MADISON, Wis. (AP) — Wisconsin Gov. Scott Walker departs Friday for his first overseas trade mission, a 10-day tour to China that comes as Walker keeps up a furious travel schedule in the United States — fueling speculation he is trying to maintain a high profile in advance of a possible 2016 presidential run.
Walker downplayed any talk of running for president, repeating in an interview with The Associated Press on Wednesday that he is focused on his work as governor. If anything, Walker said being the first governor to survive a recall election will help him lead a more successful trade mission.
“For Wisconsin, whatever notoriety I have because of the last couple years makes it more interesting for leaders in China to want to talk to us,” he said.
But his recent travel schedule has only generated more speculation that his 2014 re-election bid for governor isn’t the only political race he has in mind. Walker was in Las Vegas last weekend for a state GOP event. And he plans to hit other Republican Party events in Arkansas later this month, Iowa in May, and California in June.
His introduction at a Wisconsin Restaurant Association meeting Wednesday referenced his possible presidential aspirations.
“Pretty soon he’ll need no introduction in Iowa and New Hampshire or North Carolina, I don’t imagine,” said Restaurant Association vice president Peter Hanson.
Walker responded to questions about the introduction by saying he would remain governor as long as people wanted.
“I love being governor, I’m focused on being governor,” Walker said. “I’ll be governor as long as people want me to be governor here.”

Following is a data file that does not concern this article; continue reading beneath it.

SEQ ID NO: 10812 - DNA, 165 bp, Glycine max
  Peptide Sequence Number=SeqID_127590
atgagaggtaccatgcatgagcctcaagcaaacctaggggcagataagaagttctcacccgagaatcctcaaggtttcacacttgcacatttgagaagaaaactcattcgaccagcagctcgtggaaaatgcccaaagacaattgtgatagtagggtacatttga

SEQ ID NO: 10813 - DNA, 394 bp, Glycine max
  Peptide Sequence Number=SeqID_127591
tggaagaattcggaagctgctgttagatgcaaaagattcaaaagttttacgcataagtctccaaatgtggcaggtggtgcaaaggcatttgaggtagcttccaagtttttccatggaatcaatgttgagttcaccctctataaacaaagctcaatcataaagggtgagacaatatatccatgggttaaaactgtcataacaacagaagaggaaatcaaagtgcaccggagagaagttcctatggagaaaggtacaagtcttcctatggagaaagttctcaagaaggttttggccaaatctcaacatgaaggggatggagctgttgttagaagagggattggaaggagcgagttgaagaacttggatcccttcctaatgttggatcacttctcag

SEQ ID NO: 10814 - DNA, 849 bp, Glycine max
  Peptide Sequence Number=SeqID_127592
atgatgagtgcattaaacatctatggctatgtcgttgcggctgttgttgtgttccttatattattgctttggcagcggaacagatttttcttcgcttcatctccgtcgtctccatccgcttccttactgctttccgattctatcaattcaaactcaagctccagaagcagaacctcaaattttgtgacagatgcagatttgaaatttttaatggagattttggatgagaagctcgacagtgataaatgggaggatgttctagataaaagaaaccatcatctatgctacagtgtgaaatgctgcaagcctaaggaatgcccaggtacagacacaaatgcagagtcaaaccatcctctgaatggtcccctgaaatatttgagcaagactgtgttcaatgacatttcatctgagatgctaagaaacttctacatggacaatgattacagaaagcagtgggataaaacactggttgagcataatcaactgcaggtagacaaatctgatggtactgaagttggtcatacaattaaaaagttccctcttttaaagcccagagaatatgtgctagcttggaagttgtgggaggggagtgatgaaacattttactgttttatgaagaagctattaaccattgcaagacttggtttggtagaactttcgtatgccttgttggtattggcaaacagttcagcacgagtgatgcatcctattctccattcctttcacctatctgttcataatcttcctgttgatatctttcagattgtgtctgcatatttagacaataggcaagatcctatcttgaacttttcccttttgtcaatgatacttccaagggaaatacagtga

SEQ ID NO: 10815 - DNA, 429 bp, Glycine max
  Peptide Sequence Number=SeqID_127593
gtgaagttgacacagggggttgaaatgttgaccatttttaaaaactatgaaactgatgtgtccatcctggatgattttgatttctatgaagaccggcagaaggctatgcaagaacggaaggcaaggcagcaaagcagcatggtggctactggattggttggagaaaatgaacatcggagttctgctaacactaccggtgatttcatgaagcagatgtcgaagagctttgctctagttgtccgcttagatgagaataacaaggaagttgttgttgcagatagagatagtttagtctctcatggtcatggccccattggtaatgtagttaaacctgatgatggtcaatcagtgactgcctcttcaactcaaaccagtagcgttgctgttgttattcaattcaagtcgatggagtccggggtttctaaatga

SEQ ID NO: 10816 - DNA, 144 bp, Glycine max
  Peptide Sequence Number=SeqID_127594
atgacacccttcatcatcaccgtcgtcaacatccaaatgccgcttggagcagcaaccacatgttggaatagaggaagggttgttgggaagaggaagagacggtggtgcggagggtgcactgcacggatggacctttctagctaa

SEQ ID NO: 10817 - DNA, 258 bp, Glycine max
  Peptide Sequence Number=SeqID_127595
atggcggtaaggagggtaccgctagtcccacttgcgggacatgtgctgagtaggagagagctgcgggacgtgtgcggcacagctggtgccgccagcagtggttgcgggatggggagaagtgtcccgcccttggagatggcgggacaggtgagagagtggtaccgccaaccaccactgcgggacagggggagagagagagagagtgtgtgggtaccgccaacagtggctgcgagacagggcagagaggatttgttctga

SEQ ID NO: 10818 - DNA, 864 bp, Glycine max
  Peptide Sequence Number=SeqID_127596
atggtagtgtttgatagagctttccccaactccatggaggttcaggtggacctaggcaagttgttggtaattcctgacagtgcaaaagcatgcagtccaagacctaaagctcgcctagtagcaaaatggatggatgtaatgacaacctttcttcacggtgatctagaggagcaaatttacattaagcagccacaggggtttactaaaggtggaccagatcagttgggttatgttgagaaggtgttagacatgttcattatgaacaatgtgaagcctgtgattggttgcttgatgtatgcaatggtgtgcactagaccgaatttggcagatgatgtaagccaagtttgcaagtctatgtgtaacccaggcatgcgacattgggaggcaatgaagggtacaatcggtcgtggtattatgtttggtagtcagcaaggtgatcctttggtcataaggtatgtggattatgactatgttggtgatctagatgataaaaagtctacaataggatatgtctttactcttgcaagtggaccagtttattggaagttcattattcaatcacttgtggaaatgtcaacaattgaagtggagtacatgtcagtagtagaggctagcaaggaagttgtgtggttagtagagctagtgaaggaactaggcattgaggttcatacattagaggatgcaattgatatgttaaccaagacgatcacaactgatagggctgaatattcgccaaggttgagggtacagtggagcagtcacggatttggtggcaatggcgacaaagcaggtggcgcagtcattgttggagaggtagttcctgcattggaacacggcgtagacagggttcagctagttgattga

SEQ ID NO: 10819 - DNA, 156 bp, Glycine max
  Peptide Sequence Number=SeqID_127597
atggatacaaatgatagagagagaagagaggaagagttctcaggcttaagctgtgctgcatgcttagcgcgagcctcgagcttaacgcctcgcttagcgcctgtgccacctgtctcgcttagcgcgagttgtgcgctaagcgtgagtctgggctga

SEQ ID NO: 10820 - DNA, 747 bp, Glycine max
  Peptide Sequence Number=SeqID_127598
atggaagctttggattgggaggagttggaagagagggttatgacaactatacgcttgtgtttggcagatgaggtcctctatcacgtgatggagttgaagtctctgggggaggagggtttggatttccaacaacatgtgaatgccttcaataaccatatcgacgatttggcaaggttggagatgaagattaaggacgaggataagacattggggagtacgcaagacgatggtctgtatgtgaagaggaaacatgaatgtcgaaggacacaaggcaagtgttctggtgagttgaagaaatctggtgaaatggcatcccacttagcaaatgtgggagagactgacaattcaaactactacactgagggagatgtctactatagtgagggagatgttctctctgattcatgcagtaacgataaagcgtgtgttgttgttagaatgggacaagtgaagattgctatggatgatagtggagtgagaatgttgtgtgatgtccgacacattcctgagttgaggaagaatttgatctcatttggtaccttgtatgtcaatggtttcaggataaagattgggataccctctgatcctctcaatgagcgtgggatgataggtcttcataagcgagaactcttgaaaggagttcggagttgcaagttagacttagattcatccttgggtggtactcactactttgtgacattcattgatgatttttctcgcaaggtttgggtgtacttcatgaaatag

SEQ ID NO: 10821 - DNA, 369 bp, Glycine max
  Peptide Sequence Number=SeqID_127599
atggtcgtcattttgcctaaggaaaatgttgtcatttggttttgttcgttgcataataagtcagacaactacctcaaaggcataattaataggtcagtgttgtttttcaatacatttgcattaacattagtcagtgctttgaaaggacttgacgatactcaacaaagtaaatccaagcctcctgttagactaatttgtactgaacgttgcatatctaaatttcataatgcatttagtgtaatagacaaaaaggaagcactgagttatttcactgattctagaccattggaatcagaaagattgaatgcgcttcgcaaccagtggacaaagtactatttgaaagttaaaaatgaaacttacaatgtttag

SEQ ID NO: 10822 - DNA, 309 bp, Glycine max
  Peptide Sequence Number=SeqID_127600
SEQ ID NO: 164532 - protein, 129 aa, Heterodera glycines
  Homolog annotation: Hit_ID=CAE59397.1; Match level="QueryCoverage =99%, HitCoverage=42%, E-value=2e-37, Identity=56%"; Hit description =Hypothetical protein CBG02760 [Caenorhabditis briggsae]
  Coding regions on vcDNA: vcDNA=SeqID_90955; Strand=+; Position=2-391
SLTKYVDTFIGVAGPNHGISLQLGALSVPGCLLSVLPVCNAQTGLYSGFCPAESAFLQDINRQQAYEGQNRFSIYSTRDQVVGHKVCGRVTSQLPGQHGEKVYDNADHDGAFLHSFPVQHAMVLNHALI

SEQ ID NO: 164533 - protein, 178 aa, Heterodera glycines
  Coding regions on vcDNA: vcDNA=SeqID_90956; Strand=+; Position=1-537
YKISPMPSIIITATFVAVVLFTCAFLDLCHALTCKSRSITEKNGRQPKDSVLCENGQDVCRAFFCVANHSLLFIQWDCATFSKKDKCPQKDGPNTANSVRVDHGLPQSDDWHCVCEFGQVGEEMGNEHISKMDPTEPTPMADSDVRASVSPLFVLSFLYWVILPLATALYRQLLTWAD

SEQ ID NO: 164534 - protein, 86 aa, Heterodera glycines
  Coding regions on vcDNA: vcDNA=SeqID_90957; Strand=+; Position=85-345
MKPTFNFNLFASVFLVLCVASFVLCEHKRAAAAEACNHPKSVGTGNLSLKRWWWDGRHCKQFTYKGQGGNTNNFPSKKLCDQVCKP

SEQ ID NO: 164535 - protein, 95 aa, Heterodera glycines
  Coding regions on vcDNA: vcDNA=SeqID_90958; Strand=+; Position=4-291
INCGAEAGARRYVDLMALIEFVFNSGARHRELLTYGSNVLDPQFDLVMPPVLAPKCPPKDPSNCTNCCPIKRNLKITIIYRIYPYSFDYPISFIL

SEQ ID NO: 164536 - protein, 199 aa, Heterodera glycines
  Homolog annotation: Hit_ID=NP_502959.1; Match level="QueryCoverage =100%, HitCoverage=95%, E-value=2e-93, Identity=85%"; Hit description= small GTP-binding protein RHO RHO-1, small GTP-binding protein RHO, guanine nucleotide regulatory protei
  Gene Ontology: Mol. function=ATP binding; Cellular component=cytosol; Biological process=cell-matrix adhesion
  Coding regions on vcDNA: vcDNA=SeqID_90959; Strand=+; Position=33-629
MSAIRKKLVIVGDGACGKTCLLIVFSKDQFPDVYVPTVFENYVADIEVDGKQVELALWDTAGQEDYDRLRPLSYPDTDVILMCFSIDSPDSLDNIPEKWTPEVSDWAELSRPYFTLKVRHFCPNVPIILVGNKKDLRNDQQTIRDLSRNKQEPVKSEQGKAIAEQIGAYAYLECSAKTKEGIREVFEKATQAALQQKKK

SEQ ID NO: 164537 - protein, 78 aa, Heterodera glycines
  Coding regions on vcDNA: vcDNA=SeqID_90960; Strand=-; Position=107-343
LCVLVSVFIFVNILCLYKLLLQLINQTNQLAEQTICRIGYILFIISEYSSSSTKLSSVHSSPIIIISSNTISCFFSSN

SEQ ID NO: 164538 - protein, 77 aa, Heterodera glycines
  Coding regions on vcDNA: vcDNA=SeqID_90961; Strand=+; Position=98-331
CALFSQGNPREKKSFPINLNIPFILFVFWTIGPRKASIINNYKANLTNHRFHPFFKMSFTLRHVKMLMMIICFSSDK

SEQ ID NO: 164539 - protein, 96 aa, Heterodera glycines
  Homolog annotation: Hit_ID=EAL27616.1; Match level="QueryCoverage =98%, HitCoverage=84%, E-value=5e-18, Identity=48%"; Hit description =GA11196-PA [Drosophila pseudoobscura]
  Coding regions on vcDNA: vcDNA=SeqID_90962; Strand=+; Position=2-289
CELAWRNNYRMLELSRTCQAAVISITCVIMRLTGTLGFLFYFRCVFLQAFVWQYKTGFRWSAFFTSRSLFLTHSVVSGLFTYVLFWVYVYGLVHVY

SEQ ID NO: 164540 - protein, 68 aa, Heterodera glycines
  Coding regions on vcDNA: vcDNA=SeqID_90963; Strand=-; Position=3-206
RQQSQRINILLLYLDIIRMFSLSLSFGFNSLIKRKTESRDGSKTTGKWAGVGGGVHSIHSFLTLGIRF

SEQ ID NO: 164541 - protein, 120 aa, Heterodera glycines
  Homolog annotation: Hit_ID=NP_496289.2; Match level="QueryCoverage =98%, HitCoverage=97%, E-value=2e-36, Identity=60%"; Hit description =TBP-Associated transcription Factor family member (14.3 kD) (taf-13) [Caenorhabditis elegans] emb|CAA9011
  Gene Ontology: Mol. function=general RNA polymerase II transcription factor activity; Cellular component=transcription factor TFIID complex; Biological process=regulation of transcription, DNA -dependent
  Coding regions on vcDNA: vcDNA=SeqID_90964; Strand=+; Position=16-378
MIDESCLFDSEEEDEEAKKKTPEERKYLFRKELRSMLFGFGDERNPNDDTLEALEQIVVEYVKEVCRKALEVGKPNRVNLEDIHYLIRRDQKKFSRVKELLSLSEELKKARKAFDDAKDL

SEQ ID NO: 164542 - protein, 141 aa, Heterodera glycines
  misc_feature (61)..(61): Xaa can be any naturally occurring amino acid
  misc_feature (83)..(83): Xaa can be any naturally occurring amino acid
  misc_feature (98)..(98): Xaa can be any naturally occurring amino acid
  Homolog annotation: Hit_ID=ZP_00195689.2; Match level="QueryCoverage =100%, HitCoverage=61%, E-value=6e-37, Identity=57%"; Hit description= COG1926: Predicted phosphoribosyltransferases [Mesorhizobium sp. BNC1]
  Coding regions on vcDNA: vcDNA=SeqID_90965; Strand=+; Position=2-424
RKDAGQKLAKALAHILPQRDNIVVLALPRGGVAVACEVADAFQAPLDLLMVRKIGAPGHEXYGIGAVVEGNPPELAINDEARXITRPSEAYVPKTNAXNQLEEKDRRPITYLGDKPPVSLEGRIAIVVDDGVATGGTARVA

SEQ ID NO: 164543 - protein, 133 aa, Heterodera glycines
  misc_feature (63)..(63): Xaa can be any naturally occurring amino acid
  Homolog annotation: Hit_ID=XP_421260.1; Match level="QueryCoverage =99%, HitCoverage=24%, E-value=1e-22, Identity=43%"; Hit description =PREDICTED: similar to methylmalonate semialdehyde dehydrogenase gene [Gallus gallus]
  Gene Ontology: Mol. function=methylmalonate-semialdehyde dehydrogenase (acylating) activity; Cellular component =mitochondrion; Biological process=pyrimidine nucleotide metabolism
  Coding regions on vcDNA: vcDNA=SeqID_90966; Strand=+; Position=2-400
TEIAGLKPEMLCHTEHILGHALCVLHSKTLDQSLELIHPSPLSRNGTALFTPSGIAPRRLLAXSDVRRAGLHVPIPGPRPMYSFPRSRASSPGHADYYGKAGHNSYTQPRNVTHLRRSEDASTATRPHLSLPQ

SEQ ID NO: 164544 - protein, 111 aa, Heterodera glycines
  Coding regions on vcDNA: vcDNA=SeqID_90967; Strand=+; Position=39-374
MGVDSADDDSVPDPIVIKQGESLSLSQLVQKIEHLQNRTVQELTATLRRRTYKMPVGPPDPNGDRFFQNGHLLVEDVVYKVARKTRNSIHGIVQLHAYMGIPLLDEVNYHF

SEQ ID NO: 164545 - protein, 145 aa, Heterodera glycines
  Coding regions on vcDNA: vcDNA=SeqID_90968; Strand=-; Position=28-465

In the AP interview later, Walker said his priority is staying focused on his work as governor and not anything beyond that.
But Walker’s political foes remain convinced he’s running for president. His latest comments are not a surprise, said Scot Ross, director of the liberal advocacy group One Wisconsin Now.
“This is a carefully choreographed dance to keep all of his political options open, which should be no surprise for somebody who’s been running for office more than half his life,” Ross said.
The China trip gives Walker a chance to perform on the world stage for the first time. During his trip, Walker will join with governors from Virginia, Guam and Iowa for an event organized by the National Governors Association.
His itinerary includes briefings at the U.S. Embassy in Beijing and meetings with officials in numerous industries, including agriculture, machinery, medical device and energy. Walker is traveling to Shanghai, Harbin and Beijing.
Walker is leading a state delegation that includes leaders of the University of Wisconsin, the heads of major companies including Oshkosh Corp., Harley-Davidson, Solaris and Badger State Ethanol.
Walker said the real work on the trade missions gets done before and after the trip.
“The key is the follow up,” he said. “We’ll sign agreements, we’ll do things, and then the key is making sure we follow up with those afterward.”
China, with the world’s second-largest economy, has long been a ripe market for products from the U.S. and Wisconsin. Walker’s predecessor, Democratic Gov. Jim Doyle, led five trade missions there during his eight years as governor.
In 2012, Wisconsin’s exports to China, including dairy products, ginseng, and processed foods, totaled $1.5 billion. That was up 12 percent from 2011 and 30 percent from five years previous. China is the third largest export market for Wisconsin, behind Canada and Mexico.
Walker said he is also looking for Chinese companies interested in investing in Wisconsin.